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Canadian Cattle Embargo

Volume 155: debated on Monday 26 June 1922

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asked the Minister of Agriculture whether his attention has been drawn to resolutions passed unanimously by a meeting of the North Staffordshire Butchers Retailers' Association, Stoke-on-Trent, indicating that, consequent upon the embargo on Canadian store cattle, and the high prices being demanded for fresh meat, very many working-class people are unable to purchase adequate supplies for themselves and their families, and that the necessities of the people require the removal of the embargo; and whether he can indicate the steps he has taken or proposes to take in the matter?

The answer to the first part of the question is in the negative. I do not agree that the removal of the embargo would result in cheap fresh meat for the working classes, and I would point out that the Royal Commission on the Importation of Canadian Cattle held out no such hope.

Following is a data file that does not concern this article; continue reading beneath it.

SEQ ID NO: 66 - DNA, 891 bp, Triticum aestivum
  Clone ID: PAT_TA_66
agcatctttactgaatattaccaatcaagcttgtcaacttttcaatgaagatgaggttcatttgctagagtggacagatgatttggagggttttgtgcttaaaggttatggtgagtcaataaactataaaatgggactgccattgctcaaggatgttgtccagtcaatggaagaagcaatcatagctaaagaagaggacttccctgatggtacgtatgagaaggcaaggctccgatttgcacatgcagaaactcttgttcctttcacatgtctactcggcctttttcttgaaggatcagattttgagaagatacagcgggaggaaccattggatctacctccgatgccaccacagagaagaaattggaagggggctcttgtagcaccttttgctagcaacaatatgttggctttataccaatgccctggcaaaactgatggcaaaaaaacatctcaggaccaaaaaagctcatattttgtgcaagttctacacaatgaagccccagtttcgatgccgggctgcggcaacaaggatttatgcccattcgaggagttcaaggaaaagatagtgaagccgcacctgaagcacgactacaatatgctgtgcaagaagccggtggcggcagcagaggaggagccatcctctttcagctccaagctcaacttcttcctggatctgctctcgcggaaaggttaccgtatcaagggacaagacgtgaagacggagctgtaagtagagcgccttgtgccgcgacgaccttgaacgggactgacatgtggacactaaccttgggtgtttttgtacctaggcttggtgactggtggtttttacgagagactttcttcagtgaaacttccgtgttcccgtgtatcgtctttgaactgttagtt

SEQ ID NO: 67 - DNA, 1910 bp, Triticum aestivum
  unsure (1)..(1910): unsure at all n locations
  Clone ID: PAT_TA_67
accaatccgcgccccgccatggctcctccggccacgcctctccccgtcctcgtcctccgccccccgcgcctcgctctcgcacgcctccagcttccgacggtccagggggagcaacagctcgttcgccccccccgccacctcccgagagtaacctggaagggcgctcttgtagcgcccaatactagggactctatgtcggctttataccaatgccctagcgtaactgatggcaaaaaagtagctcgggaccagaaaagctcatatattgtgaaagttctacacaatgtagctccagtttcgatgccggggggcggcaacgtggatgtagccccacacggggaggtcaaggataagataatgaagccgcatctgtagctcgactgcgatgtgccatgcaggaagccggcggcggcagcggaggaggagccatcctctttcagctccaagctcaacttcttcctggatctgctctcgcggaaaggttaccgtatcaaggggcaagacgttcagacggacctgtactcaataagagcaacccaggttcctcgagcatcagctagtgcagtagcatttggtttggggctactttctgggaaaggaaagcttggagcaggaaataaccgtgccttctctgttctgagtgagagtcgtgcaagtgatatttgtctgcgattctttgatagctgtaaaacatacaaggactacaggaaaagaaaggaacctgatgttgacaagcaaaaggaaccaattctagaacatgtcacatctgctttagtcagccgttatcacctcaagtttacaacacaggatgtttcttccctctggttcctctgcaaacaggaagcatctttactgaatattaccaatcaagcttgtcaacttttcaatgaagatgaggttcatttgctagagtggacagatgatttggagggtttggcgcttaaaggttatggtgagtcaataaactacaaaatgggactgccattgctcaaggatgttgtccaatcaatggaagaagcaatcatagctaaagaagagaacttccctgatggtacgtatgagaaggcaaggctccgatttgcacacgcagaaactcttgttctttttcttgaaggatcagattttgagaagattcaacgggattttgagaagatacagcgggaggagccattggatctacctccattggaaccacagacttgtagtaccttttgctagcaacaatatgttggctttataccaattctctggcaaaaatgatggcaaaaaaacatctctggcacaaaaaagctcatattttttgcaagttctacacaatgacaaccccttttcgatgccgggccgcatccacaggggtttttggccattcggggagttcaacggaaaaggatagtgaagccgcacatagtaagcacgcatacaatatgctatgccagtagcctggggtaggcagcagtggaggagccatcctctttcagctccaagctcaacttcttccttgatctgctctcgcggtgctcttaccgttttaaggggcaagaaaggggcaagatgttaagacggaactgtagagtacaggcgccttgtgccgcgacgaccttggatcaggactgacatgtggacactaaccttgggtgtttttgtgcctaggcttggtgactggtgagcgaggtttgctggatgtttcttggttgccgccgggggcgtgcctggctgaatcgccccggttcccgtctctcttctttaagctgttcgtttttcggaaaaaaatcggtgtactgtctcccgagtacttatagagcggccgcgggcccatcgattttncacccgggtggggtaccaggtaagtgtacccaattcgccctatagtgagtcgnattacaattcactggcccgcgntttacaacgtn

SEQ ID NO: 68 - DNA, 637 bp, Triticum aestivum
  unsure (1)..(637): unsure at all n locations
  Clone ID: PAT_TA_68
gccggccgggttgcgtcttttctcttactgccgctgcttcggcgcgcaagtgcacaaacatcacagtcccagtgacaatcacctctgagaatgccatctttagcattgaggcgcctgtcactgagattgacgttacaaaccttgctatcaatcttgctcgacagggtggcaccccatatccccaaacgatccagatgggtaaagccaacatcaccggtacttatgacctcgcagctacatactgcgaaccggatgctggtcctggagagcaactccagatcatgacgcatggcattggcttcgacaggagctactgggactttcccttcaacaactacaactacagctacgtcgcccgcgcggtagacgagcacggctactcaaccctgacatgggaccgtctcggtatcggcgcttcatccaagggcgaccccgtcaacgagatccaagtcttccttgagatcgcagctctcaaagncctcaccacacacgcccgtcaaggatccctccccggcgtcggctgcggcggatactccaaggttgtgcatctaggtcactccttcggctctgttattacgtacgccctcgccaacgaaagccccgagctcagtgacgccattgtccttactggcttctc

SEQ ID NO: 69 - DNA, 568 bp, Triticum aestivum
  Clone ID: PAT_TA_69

asked the Minister of Agriculture whether a special embargo is placed on the importation of live Canadian cattle into the United Kingdom; and is the importation from abroad of all cattle subjected to certain quarantine restrictions?

The reply to the first part of the question is in the negative. The embargo, which is laid down by the provisions of the Diseases of Animals Acts, 1894 and 1896, is a general one, applicable alike to all countries outside the United Kingdom. With regard to the last part, under the existing law all cattle landed from abroad are required either to be slaughtered at the port of landing or, in the exceptional cases when entry is allowed, to be detained in quarantine for a period prescribed in each case by the Ministry.